I have a tattoo on the side of my ribs down to my hips. I want to avoid cutting into it since the tattoo hold a special meaning to me. My question is, can i avoid a hip to hip scar or at least not cutting into the tattoo if somehow there's another incision going vertical to pull the skin towards the middle before being stitch down to meet the horizontal cut? I don't mind having a scar up the middle to the belly button.
Any Way to Avoid Hip to Hip Scar if Combine with Vertical Scar to Bellybutton?
Doctor Answers 6
Vertical Tummy Tuck Scar
The scar you need depends upon where the excess skin is. You can tighten the muscles through that incision but if you have both horizontal and vertical laxity your result would be suboptimal by only using a vertical incision.
Have a question? Ask a doctor
The addition of a vertical scar actually provides even better contouring and shaping of the torso and abdomen with abdominoplasty
A vertical scar can limit the length of the horizontal scar
Thank you for your question. It is possible to reduce the length of the horizontal scar by taking a vertical wedge of skin out from the middle of the abdomen. The only way to tell if it would reduce the scar enough to avoid your tattoo would be to have a consultation. Make sure that you see a plastic surgeon that is certified by the American Board of Plastic Surgery. Good luck.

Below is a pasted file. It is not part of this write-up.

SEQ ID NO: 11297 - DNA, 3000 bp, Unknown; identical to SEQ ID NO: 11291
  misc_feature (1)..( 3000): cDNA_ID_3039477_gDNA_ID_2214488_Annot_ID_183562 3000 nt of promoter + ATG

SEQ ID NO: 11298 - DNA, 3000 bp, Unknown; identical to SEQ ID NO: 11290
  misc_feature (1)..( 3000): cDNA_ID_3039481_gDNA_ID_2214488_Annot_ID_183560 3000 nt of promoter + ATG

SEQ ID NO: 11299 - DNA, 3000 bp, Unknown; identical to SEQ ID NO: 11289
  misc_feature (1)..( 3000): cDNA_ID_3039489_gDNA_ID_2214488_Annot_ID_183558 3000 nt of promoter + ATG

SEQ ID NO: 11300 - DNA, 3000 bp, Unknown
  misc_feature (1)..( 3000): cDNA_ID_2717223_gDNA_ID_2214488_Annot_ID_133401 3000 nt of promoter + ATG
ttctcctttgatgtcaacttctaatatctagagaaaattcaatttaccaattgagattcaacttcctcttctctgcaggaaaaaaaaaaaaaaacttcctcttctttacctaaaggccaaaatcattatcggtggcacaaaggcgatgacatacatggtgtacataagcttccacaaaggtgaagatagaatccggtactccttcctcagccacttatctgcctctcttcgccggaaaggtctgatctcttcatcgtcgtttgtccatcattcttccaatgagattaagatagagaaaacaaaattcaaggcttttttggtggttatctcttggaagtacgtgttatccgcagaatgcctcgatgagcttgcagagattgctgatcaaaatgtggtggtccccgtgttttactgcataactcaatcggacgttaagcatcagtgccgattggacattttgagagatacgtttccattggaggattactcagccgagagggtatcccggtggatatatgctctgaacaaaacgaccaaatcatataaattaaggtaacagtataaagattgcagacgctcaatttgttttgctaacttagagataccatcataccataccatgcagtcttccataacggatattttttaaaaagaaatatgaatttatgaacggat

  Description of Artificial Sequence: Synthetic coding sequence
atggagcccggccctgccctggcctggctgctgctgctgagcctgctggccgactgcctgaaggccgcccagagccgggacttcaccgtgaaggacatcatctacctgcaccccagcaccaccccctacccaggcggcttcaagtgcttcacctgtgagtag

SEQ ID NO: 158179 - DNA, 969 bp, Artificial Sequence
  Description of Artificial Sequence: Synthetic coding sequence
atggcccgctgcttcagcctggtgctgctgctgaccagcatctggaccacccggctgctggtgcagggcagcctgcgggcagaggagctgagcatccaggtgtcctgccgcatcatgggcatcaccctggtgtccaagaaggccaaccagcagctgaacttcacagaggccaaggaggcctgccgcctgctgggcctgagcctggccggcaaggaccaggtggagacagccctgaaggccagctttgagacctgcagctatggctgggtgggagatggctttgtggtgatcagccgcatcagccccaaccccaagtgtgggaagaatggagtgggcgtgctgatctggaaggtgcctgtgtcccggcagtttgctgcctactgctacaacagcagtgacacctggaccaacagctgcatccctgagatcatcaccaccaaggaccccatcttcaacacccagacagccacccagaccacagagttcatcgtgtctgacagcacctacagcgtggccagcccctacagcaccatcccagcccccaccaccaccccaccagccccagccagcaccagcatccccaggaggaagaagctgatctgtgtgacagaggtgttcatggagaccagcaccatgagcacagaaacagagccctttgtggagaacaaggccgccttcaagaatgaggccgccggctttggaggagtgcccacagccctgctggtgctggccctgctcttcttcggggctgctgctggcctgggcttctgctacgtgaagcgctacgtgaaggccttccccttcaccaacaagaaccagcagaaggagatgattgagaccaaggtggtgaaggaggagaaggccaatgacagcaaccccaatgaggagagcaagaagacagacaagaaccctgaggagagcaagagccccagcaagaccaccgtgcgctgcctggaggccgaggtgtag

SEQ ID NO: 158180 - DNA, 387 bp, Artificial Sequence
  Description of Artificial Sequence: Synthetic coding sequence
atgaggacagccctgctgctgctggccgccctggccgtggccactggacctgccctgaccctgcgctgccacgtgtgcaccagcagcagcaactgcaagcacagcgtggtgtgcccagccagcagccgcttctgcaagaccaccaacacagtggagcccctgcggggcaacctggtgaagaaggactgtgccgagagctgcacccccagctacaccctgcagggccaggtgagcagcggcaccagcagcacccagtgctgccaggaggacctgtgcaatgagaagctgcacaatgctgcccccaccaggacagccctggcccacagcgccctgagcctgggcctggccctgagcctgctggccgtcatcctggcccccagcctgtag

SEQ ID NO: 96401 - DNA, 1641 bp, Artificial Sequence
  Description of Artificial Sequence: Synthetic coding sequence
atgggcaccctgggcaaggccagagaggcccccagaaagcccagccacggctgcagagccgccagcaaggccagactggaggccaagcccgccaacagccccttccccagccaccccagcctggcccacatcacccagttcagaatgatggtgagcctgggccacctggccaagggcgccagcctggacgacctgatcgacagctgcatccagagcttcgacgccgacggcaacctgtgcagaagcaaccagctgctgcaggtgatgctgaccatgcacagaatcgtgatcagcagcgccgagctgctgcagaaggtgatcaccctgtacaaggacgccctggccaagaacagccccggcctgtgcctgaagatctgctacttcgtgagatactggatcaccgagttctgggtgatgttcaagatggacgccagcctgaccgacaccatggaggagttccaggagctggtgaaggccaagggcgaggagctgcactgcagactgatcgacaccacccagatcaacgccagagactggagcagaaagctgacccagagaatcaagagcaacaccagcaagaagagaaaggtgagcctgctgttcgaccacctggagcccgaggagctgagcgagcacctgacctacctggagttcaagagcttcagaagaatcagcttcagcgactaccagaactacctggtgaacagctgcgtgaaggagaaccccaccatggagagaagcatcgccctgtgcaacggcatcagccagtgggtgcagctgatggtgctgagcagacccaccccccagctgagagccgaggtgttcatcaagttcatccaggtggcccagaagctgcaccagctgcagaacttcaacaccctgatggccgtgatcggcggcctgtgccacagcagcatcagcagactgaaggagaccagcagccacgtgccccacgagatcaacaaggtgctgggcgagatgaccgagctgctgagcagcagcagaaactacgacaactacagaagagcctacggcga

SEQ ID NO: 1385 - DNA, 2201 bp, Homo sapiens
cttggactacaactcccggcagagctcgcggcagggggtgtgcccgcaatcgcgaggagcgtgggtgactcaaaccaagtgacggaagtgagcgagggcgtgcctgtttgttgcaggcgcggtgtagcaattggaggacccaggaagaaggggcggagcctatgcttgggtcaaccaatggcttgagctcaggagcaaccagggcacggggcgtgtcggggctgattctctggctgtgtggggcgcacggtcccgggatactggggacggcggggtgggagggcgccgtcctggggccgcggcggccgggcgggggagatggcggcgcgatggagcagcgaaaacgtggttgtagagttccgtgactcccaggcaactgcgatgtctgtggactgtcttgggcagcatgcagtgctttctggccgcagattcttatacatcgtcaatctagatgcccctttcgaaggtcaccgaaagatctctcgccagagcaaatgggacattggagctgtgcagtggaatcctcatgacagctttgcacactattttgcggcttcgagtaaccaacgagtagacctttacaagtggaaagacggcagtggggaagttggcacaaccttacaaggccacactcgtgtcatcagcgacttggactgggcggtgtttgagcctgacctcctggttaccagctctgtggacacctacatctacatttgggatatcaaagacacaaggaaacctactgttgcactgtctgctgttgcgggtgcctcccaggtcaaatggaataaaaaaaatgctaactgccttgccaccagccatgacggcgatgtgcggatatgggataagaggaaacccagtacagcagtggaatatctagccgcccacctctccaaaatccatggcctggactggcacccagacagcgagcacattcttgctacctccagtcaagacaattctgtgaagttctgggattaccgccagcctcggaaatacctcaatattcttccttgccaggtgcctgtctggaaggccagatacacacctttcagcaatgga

You might also like...
Tummy tuck and vertical scar
A vertical scar can make a difference in terms of limiting the horizontal scar size but it would be best if you posted pictures of yourself or came in to see me in consultation (since I practice out of Cleveland).
All my best,
Daniel Medalie, MD
Vertical scar to Avoid Tattoo With Tummy Tuck
Adding a vertical component to the scar of the tummy tuck can certainly help some people shorten the length of their tummy tuck scar. Whether or not this will help you really depends upon your exam.
These answers are for educational purposes and should not be relied upon as a substitute for medical advice you may receive from your physician. If you have a medical emergency, please call 911. These answers do not constitute or initiate a patient/doctor relationship.